Filipinos are known to be very creative when it comes to vocabulary and word usage. This penchant for creating new words and using puns for comedic effect has become infused in our culture and identity.
Dabawenyos have had their share of unique words through the years — budots, atchup boulevard, and sukarap, to name a few. However, what I’ll be sharing with you are common English words that locals have associated with specific places and locations in Davao.
In the age of mobile networks, the term “wireless” has become fairly common for people who work in the IT industry or stay in coffee shops with WiFi. In Davao, however, this term refers to — surprise! — the Davao City Public Cemetery. According to this news report, the public cemetery has been given this monicker because of its proximity to the Telecommunications Office.
In case you want to drop by and visit the place for the first time (for some strange and eerie reason), you may start from Bankerohan Public Market along Magallanes / A. Pichon Street. Work your way up to the uphill incline passing by the University of Immaculate Conception. However, if you really want to test the truth behind this monicker, try riding a taxicab and tell the driver that you’re going to Wireless.
Metro Manila has Roxas Boulevard, while California has Santa Monica Boulevard. We in Davao have our own version and we call it… well, “boulevard”.
This strangely simple name for a Davao City location is a long strip of a street that runs more than 7 kilometers. One curious fact about this long road is that it’s called by different names based on where you are exactly in this part of Davao City. Here’s a shortlist of names that refer to this road called “boulevard”:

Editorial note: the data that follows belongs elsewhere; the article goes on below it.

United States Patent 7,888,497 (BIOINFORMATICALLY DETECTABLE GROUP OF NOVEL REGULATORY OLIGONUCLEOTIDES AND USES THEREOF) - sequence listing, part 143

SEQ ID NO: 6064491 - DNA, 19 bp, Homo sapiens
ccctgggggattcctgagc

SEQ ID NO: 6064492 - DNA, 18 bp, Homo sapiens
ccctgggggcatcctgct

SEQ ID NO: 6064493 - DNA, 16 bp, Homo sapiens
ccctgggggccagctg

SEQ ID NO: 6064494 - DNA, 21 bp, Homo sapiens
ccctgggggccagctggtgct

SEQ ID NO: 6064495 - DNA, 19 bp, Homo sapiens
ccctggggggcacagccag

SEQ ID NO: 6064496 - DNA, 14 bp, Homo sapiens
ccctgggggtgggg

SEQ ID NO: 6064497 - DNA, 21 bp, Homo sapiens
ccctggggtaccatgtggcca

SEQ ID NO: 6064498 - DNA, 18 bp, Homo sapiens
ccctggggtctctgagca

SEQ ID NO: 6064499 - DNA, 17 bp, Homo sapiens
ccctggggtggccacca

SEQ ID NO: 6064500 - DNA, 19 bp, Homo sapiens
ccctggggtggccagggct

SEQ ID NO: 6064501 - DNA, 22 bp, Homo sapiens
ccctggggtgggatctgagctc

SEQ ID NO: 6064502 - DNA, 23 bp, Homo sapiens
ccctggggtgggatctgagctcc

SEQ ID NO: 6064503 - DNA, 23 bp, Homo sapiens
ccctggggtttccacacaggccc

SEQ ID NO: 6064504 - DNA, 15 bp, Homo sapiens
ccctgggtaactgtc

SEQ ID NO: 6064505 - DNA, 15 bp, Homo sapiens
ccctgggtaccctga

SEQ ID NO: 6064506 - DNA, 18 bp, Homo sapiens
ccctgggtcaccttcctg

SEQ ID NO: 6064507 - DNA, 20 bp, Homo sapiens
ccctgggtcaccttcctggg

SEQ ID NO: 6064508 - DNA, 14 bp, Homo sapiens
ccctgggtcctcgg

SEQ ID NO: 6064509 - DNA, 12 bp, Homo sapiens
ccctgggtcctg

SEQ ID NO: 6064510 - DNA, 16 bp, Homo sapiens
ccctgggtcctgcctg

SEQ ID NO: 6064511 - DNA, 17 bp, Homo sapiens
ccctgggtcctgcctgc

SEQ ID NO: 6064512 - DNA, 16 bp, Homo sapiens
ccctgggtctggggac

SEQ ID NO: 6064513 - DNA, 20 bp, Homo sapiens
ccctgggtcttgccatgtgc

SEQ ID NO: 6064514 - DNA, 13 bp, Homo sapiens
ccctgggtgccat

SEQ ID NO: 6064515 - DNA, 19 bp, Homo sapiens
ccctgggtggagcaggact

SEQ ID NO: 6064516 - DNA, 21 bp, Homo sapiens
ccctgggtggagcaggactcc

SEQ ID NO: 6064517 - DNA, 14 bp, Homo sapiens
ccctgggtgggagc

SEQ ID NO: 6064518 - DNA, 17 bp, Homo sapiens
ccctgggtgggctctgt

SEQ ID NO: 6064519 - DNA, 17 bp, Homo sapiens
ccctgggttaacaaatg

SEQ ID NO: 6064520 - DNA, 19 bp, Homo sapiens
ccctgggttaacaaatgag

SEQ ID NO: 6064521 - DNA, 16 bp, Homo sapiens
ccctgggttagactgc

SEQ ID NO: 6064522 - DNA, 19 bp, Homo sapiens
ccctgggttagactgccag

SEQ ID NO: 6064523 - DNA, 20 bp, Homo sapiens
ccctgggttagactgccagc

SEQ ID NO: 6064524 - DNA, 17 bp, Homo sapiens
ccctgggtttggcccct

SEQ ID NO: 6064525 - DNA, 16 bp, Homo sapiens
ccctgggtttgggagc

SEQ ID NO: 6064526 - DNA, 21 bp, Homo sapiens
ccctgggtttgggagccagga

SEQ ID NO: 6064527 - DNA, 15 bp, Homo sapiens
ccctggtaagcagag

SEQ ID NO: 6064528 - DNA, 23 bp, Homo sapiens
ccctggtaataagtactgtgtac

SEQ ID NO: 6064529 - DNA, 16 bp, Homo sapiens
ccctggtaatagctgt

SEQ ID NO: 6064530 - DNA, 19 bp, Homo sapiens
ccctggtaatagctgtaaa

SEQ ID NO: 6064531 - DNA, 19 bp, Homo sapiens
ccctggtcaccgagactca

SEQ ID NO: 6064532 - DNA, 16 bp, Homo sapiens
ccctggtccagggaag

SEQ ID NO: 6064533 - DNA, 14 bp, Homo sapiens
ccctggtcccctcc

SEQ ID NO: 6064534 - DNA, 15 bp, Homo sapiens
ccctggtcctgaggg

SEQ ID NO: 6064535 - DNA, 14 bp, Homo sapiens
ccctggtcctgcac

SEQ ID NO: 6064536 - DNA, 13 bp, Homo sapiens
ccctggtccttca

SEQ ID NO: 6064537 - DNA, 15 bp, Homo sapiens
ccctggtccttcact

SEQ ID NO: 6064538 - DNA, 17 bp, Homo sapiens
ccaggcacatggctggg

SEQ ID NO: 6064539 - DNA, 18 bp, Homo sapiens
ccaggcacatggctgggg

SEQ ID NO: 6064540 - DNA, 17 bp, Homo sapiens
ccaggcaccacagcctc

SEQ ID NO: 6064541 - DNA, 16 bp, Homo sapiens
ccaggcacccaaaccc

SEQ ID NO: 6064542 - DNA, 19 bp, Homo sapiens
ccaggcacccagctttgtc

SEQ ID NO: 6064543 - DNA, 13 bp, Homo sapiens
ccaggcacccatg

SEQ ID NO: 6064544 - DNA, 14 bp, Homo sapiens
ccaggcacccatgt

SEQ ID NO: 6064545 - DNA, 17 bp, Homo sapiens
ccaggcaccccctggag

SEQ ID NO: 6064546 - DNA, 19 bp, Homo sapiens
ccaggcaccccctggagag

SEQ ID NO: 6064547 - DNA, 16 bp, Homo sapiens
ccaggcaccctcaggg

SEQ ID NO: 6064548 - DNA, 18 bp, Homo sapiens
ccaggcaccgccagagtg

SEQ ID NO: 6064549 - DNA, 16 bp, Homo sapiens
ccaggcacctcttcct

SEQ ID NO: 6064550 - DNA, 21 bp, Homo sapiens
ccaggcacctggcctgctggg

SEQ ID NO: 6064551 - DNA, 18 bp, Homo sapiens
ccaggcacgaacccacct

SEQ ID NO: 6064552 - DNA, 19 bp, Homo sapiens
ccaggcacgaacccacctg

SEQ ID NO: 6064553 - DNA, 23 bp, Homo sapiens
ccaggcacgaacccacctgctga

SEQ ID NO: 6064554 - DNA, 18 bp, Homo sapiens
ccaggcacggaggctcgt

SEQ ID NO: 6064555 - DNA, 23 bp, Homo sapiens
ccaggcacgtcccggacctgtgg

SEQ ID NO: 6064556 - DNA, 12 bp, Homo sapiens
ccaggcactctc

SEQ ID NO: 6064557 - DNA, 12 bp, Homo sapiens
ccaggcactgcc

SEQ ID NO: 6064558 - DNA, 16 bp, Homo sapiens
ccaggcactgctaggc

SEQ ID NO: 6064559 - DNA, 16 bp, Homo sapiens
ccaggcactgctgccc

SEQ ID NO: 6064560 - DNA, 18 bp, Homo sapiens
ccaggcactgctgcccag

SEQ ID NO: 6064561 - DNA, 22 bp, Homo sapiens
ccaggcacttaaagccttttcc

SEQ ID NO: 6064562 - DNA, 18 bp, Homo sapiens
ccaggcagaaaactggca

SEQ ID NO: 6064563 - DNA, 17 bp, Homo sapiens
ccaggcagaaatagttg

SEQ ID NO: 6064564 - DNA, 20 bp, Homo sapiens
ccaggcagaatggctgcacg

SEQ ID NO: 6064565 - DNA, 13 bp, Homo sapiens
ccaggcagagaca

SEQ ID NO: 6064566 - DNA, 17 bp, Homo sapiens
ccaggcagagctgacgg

- Quimpo Boulevard: From crossing McArthur Highway to Bolton Bridge (after Agro-Industrial Foundation College)
- Quezon Boulevard: From Bolton Bridge to Magsaysay Park
- Leon Garcia Street: From Magsaysay Park to Agdao Flyover
Other areas near this vicinity include Piapi Boulevard and Trading Boulevard.
Non-Dabawenyos may refer to “mall” as any shopping complex, but we in Davao have come to associate this term with Gaisano Mall of Davao. I’m pretty sure the Gaisano group of companies doesn’t have exclusive rights to the word “mall”, but somehow Dabawenyos have been using this term to point to this huge shopping and dining complex along J.P. Laurel Avenue beside Davao Central High School.
Metro Manila has so many flyovers, while Davao City only has only
one two at the moment*. This is probably the reason why the term “flyover” is easily associated with the Dakudao-Buhangin Flyover. This flyover passes over J.P. Laurel Avenue (near Villa Margarita Hotel and Camella Northpoint Davao), and connects Dakudao Street and Diversion Road.
*EDIT: Thanks to Clark and Reissa for pointing out that there are two flyovers in Davao, the other one located in Cabaguio / Agdao.
This may be a fairly common term to refer to any of the 18 regions in the Philippines, but Dabawenyos recognize this as a government hospital named Southern Philippines Medical Center. The medical facility was previously called Davao Regional Medical and Training Center back in 1957, hence the nickname. It has undergone several improvements and name changes before its current name was established in 2009.
No, this does not refer to a scheme or exit strategy. The term is widely used in Davao City to point to Diversion Road, a long stretch of highway that serves as an alternative road for those who want to avoid the busy streets of Davao. Diversion Road starts from Ulas and ends in Panacan.
This long and winding road is part of the Pan-Philippine Highway (AH26), which connects Luzon, Visayas, and Mindanao in one interconnected network of bridges and roads.
If you are visiting in Davao City for the first time or are fairly unfamiliar with popular places in the city, we hope these words will guide you on your travails around the city. See you at the mall via the flyover! 😀